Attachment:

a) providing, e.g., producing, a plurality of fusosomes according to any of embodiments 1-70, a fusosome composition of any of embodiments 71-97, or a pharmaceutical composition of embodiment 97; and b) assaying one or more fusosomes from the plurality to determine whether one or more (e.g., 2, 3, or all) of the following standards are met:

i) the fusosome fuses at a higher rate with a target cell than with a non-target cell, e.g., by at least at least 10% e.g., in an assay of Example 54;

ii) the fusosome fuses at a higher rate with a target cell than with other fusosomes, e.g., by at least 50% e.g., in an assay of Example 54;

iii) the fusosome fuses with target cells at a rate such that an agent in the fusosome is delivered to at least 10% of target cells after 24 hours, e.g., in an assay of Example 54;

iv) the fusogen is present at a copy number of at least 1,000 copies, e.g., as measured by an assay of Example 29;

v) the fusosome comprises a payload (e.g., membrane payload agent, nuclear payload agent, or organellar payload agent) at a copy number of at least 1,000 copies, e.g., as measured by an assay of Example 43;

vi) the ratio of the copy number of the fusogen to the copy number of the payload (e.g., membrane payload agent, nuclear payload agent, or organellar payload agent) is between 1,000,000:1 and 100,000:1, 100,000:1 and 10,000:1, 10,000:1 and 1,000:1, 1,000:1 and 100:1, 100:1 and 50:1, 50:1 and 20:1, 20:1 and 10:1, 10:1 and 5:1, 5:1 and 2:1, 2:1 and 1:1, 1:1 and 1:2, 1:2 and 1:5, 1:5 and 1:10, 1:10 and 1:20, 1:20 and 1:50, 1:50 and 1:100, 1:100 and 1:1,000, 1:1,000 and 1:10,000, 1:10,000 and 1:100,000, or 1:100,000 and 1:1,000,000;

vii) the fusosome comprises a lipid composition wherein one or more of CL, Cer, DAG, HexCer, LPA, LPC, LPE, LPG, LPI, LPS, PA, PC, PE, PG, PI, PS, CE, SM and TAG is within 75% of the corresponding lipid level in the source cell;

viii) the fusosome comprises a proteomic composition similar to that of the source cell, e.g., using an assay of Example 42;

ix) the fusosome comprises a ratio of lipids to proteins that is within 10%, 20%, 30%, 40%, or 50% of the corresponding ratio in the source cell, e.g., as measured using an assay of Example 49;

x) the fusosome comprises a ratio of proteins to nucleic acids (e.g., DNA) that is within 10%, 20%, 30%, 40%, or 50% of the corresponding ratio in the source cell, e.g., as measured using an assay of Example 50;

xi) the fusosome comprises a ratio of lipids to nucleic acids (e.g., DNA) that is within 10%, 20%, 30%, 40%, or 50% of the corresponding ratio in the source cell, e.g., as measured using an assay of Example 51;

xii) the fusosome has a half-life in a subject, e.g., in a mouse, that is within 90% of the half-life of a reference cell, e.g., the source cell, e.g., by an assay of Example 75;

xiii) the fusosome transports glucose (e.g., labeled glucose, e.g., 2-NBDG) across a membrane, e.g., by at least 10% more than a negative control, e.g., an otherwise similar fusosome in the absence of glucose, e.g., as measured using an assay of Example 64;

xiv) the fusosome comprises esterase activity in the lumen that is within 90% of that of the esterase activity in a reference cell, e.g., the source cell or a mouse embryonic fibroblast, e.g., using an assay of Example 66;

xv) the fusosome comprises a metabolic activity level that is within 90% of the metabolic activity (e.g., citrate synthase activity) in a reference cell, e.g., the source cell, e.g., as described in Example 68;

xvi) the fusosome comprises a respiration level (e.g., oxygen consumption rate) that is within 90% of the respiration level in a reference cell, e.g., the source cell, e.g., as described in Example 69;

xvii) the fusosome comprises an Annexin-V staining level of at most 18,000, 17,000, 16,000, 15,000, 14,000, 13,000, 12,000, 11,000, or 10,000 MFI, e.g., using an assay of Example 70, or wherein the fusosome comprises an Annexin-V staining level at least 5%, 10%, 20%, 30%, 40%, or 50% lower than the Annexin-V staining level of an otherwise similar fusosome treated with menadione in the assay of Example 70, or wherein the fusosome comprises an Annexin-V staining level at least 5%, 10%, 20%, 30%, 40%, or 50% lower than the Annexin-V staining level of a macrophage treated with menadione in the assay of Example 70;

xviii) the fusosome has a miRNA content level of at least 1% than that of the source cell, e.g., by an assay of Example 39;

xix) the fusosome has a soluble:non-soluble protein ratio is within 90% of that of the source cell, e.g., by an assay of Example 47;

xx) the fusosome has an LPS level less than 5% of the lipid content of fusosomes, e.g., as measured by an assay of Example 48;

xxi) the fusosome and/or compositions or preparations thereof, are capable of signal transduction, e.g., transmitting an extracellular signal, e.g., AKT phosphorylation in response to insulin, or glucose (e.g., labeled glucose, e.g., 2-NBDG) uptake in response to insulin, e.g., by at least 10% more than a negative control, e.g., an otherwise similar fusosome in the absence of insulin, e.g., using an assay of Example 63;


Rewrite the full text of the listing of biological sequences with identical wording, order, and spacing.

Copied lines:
a) providing, e.g., producing, a plurality of fusosomes according to any of embodiments 1-70, a fusosome composition of any of embodiments 71-97, or a pharmaceutical composition of embodiment 97; and b) assaying one or more fusosomes from the plurality to determine whether one or more (e.g., 2, 3, or all) of the following standards are met:

i) the fusosome fuses at a higher rate with a target cell than with a non-target cell, e.g., by at least at least 10% e.g., in an assay of Example 54;

ii) the fusosome fuses at a higher rate with a target cell than with other fusosomes, e.g., by at least 50% e.g., in an assay of Example 54;

iii) the fusosome fuses with target cells at a rate such that an agent in the fusosome is delivered to at least 10% of target cells after 24 hours, e.g., in an assay of Example 54;

iv) the fusogen is present at a copy number of at least 1,000 copies, e.g., as measured by an assay of Example 29;

v) the fusosome comprises a payload (e.g., membrane payload agent, nuclear payload agent, or organellar payload agent) at a copy number of at least 1,000 copies, e.g., as measured by an assay of Example 43;

vi) the ratio of the copy number of the fusogen to the copy number of the payload (e.g., membrane payload agent, nuclear payload agent, or organellar payload agent) is between 1,000,000:1 and 100,000:1, 100,000:1 and 10,000:1, 10,000:1 and 1,000:1, 1,000:1 and 100:1, 100:1 and 50:1, 50:1 and 20:1, 20:1 and 10:1, 10:1 and 5:1, 5:1 and 2:1, 2:1 and 1:1, 1:1 and 1:2, 1:2 and 1:5, 1:5 and 1:10, 1:10 and 1:20, 1:20 and 1:50, 1:50 and 1:100, 1:100 and 1:1,000, 1:1,000 and 1:10,000, 1:10,000 and 1:100,000, or 1:100,000 and 1:1,000,000;

vii) the fusosome comprises a lipid composition wherein one or more of CL, Cer, DAG, HexCer, LPA, LPC, LPE, LPG, LPI, LPS, PA, PC, PE, PG, PI, PS, CE, SM and TAG is within 75% of the corresponding lipid level in the source cell;

viii) the fusosome comprises a proteomic composition similar to that of the source cell, e.g., using an assay of Example 42;

ix) the fusosome comprises a ratio of lipids to proteins that is within 10%, 20%, 30%, 40%, or 50% of the corresponding ratio in the source cell, e.g., as measured using an assay of Example 49;

x) the fusosome comprises a ratio of proteins to nucleic acids (e.g., DNA) that is within 10%, 20%, 30%, 40%, or 50% of the corresponding ratio in the source cell, e.g., as measured using an assay of Example 50;

xi) the fusosome comprises a ratio of lipids to nucleic acids (e.g., DNA) that is within 10%, 20%, 30%, 40%, or 50% of the corresponding ratio in the source cell, e.g., as measured using an assay of Example 51;

xii) the fusosome has a half-life in a subject, e.g., in a mouse, that is within 90% of the half-life of a reference cell, e.g., the source cell, e.g., by an assay of Example 75;

xiii) the fusosome transports glucose (e.g., labeled glucose, e.g., 2-NBDG) across a membrane, e.g., by at least 10% more than a negative control, e.g., an otherwise similar fusosome in the absence of glucose, e.g., as measured using an assay of Example 64;

xiv) the fusosome comprises esterase activity in the lumen that is within 90% of that of the esterase activity in a reference cell, e.g., the source cell or a mouse embryonic fibroblast, e.g., using an assay of Example 66;

xv) the fusosome comprises a metabolic activity level that is within 90% of the metabolic activity (e.g., citrate synthase activity) in a reference cell, e.g., the source cell, e.g., as described in Example 68;

xvi) the fusosome comprises a respiration level (e.g., oxygen consumption rate) that is within 90% of the respiration level in a reference cell, e.g., the source cell, e.g., as described in Example 69;

xvii) the fusosome comprises an Annexin-V staining level of at most 18,000, 17,000, 16,000, 15,000, 14,000, 13,000, 12,000, 11,000, or 10,000 MFI, e.g., using an assay of Example 70, or wherein the fusosome comprises an Annexin-V staining level at least 5%, 10%, 20%, 30%, 40%, or 50% lower than the Annexin-V staining level of an otherwise similar fusosome treated with menadione in the assay of Example 70, or wherein the fusosome comprises an Annexin-V staining level at least 5%, 10%, 20%, 30%, 40%, or 50% lower than the Annexin-V staining level of a macrophage treated with menadione in the assay of Example 70;

xviii) the fusosome has a miRNA content level of at least 1% than that of the source cell, e.g., by an assay of Example 39;

xix) the fusosome has a soluble:non-soluble protein ratio is within 90% of that of the source cell, e.g., by an assay of Example 47;

xx) the fusosome has an LPS level less than 5% of the lipid content of fusosomes, e.g., as measured by an assay of Example 48;

xxi) the fusosome and/or compositions or preparations thereof, are capable of signal transduction, e.g., transmitting an extracellular signal, e.g., AKT phosphorylation in response to insulin, or glucose (e.g., labeled glucose, e.g., 2-NBDG) uptake in response to insulin, e.g., by at least 10% more than a negative control, e.g., an otherwise similar fusosome in the absence of insulin, e.g., using an assay of Example 63;